You know I won’t be buying it—no purchases of anything new allowed for the No Impact family—but that doesn’t mean you can’t. As for me, I can borrow it from the library. Or persuade my friends who still buy things to get it. Or go to the book store with Michelle and hang out in the food section and talk loudly about how we just looooooove this book called Plenty by Alisa Smith and James MacKinnon.
Ok, I admit it’s an ethical dilemma for me who buys nothing new this year, but can you begrudge my wanting people who helped me in my No Impact struggles to have a whopping great best-seller success?!
Here’s the background. As you know, No Impact Man works in stages: no trash, no carbon-powered transportation, locally-grown seasonal food, sustainable consumption, etc. Well, back in the middle of winter, no less, when we entered the local food stage (an environmentally sound practice for a whole bunch of reasons), we were faced with a lot of cabbage and apples. I mean a lot.
So many in fact that I met with the famous food writer Marion Nestle and asked
her if our nutrition was okay. Would I die of toomanyappleitus or something?
People have been eating locally and seasonally for thousands of years,
Worried I had no idea what I was doing (because I had no idea what I was doing), I also Googled “local food” and found Alisa and James and their year on the 100-mile-diet before their book was even a smudge on their publisher’s printing press. Please help! I wrote to Alisa. A couple of emails and a couple of phone calls later and Alisa became my official local food mentor—at least as official as it could possibly be considering I never told her she had filled the position.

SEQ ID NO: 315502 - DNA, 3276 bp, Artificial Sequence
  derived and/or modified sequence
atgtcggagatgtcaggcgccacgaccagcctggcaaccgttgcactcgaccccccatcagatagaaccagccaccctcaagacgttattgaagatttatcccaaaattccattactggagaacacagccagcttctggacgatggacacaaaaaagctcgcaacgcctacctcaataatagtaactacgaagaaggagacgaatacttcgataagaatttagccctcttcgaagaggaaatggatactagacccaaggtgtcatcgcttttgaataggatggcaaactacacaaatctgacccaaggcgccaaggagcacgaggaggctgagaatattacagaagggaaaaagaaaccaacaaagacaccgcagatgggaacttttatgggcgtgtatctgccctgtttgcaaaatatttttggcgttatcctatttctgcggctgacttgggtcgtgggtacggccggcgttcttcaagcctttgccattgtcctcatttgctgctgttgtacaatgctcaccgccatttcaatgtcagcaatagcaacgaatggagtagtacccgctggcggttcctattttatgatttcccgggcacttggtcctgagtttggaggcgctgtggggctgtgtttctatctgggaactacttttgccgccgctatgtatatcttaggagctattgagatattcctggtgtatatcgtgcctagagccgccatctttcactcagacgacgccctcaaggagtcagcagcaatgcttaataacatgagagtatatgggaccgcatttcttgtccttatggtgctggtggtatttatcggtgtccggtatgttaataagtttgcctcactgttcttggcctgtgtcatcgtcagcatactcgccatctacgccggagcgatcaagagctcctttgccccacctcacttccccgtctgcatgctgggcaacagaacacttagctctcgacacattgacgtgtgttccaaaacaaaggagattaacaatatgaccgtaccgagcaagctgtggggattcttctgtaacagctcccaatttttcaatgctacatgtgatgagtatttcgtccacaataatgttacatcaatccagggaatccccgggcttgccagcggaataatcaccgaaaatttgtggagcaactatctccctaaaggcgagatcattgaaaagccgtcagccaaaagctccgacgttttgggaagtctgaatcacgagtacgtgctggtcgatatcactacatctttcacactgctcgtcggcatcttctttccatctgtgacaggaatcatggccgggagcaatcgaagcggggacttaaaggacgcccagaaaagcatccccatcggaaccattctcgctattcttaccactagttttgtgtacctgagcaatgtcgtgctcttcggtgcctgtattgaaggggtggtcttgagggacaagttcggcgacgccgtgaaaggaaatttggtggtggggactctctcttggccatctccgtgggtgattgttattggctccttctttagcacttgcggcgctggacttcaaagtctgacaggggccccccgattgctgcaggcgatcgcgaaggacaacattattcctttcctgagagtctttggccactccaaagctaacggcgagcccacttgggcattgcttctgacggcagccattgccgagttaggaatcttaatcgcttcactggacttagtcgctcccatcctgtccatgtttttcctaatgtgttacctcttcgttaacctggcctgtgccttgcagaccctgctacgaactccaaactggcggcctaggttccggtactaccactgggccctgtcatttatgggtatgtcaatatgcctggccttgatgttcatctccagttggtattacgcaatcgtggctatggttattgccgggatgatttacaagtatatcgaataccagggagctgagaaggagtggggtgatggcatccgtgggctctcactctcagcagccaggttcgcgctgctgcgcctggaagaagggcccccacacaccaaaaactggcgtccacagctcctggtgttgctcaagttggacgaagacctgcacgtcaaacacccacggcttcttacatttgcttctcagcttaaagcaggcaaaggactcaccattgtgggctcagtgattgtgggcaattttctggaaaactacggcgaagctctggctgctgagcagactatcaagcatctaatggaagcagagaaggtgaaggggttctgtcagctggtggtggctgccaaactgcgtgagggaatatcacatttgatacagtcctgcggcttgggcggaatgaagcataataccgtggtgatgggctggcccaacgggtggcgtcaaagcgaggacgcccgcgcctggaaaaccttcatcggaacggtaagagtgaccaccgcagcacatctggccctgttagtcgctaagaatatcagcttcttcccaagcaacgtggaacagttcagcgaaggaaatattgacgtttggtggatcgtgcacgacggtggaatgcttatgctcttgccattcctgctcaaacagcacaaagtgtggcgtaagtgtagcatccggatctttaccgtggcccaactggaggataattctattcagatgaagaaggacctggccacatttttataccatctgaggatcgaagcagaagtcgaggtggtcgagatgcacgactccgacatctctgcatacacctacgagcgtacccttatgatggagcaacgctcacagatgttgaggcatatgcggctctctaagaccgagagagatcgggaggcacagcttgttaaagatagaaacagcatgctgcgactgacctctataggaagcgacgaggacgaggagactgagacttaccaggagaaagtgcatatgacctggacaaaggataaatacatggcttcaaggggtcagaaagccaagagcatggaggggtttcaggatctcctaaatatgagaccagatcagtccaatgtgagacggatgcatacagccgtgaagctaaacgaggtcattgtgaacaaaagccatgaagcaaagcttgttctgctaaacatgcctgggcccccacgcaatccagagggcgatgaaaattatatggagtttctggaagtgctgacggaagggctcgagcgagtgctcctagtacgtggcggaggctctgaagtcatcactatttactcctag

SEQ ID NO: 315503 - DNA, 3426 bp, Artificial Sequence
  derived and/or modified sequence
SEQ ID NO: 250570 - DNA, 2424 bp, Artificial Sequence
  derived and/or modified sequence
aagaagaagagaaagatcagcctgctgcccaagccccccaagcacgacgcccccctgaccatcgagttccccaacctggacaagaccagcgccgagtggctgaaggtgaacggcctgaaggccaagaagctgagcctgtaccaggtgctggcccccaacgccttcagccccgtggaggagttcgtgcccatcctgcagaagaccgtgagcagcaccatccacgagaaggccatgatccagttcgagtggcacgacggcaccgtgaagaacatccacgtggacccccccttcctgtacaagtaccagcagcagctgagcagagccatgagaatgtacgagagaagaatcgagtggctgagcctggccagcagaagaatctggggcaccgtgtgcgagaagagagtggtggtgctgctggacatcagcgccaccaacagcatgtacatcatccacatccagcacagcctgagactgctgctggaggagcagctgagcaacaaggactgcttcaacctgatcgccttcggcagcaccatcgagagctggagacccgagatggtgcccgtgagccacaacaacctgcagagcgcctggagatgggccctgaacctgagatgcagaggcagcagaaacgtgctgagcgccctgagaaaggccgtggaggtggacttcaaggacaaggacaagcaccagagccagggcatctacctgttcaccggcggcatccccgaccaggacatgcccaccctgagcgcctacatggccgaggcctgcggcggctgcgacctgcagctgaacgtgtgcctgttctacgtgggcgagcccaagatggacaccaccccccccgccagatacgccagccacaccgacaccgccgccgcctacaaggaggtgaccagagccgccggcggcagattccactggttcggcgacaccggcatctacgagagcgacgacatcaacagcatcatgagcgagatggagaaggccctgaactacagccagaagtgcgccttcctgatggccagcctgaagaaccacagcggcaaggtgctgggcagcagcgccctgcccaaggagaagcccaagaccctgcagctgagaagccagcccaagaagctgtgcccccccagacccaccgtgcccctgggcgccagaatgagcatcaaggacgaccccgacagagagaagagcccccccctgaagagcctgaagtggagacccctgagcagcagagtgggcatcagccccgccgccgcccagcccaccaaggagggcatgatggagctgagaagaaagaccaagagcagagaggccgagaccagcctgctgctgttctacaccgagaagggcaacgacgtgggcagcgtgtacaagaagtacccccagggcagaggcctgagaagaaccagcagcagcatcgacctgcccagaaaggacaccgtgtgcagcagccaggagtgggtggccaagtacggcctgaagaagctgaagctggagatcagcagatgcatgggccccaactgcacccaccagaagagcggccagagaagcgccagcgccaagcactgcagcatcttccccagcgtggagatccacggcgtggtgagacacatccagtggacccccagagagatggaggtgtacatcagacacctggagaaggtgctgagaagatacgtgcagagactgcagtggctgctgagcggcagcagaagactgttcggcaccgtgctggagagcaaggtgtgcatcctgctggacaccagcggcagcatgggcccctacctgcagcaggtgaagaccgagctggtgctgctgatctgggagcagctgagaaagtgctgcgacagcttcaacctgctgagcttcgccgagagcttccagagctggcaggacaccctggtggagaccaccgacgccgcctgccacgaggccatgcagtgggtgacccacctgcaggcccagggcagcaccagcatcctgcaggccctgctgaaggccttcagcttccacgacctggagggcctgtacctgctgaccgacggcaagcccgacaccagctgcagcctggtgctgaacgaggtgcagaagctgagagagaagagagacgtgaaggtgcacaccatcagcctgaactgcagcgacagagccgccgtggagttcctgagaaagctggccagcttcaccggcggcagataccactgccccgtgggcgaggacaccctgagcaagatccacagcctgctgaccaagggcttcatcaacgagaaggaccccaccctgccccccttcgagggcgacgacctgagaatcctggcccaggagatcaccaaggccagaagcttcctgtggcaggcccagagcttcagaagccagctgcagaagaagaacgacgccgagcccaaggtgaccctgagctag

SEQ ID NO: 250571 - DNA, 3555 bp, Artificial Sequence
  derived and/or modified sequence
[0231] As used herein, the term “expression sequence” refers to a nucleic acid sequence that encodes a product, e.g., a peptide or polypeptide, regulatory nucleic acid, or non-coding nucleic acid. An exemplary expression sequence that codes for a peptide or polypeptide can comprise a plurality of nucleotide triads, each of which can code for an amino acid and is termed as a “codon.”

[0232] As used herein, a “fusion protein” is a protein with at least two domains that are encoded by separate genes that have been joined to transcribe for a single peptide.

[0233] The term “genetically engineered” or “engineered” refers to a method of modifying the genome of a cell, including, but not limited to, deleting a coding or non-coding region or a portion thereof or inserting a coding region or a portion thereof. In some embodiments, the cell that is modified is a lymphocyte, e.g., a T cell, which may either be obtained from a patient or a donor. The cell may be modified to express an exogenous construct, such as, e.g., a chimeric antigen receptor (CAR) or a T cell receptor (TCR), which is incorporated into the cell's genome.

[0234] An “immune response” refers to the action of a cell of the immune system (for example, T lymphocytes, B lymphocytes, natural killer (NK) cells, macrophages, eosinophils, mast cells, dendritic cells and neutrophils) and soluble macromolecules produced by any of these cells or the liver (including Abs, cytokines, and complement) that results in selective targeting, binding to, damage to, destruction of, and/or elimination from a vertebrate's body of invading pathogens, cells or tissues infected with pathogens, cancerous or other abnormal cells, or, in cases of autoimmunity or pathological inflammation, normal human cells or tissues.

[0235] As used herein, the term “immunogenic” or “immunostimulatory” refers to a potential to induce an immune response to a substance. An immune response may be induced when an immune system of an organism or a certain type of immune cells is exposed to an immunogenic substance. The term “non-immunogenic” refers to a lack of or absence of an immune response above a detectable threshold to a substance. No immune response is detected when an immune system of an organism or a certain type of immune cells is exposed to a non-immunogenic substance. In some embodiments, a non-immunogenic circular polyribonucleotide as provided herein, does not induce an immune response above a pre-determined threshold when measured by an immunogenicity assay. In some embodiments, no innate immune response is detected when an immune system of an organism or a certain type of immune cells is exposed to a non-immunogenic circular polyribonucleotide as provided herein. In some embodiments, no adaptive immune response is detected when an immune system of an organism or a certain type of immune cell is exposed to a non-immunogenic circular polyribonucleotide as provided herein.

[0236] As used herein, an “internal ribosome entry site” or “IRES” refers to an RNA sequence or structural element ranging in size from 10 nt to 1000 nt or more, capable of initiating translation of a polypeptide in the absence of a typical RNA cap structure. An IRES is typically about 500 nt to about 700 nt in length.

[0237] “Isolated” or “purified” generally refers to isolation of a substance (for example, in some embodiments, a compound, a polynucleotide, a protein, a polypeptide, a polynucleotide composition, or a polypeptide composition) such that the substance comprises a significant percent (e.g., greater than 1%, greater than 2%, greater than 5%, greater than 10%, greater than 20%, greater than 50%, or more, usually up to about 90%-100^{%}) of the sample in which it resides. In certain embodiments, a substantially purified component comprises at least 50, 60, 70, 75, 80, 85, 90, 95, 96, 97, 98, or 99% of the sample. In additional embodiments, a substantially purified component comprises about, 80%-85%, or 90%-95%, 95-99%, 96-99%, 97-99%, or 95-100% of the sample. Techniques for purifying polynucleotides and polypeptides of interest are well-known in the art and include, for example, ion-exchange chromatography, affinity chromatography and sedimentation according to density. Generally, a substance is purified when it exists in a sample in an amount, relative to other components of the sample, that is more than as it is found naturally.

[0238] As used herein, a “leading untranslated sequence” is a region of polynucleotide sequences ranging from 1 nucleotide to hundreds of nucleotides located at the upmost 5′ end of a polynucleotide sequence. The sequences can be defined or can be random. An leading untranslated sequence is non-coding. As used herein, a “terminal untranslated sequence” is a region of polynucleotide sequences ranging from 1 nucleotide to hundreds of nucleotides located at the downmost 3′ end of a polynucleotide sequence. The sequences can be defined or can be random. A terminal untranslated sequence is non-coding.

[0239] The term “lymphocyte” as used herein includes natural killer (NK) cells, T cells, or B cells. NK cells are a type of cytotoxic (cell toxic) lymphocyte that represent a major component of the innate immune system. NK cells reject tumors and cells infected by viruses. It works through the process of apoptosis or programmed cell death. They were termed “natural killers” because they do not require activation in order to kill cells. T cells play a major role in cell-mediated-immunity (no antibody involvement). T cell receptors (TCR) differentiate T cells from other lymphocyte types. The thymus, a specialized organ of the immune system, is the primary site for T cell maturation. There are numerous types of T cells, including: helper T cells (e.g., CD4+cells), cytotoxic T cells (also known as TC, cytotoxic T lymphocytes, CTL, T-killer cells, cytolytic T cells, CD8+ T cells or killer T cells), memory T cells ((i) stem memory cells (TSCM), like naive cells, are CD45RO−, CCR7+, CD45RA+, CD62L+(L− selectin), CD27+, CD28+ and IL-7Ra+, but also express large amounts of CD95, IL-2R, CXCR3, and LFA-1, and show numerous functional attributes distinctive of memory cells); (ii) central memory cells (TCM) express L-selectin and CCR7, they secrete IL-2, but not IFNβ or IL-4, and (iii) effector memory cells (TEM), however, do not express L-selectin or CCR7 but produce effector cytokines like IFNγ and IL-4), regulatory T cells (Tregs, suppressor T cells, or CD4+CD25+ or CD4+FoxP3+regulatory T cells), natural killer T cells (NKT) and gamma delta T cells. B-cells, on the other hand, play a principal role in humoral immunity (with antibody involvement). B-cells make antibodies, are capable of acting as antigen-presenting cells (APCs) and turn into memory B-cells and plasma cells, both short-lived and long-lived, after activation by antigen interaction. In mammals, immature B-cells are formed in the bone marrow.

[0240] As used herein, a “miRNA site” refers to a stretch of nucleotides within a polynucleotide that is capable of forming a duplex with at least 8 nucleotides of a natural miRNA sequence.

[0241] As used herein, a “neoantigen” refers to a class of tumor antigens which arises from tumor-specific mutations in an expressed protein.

One time, a couple of months ago, Michelle, Isabella and I got stuck in the freezing cold a long way from our house and we had to get warm so we went into a vegetarian café (we do have our standards, even when we cheat). Plus it was Isabella’s birthday and Michelle wanted to celebrate and I didn’t want to argue. And well—mea culpa—we cocked a snoot, for one meal, at eating local.
In my shame, I rushed home and emailed Alisa, now my confessor as well as my mentor. (By the way, it’s funny how people do that. I went to someone’s house today and she was drinking a Diet Coke in a disposable can and she felt compelled to explain it was an infrequent treat.) Anyway, Alisa emailed me straight back:
“Oh, the perils of a warm cafe on a cold day...Having so many elements [in the No Impact project], I imagine what you're doing is insanely difficult, so if I detected guilt in your message, just move on. I admire what you're doing.”
So understanding. Even now, I still feel like calling her mom. But Alisa also wrote to me: “Only through strictness do you have a conversion.” Mom…I mean Alisa…gave me absolution but she also warned me not to cheat too often. Michelle and I have taken this to heart. If you cheat every time the going gets tough then how can you really experience the experiment? I tell myself that every time the elevator tempts me as I trudge up the stairs with Isabella on my shoulders and a heavy bag of groceries on each arm.
To the point: Alisa and her partner James are the gurus on local eating and their commitment to their 100-mile-diet has inspired many local eaters. Their book Plenty—you can’t stop a gift from coming your way, even when you are No Impact Man—is terrific. You can read about them at their website, read an excerpt , look at a Q&A with them on Grist, or even read a series of articles they wrote on their experience. But most importantly, don’t forget to, um, “pick up” the book (I never outright said buy, did I?).
PS You can also read more about local eating in a recent New York Times article.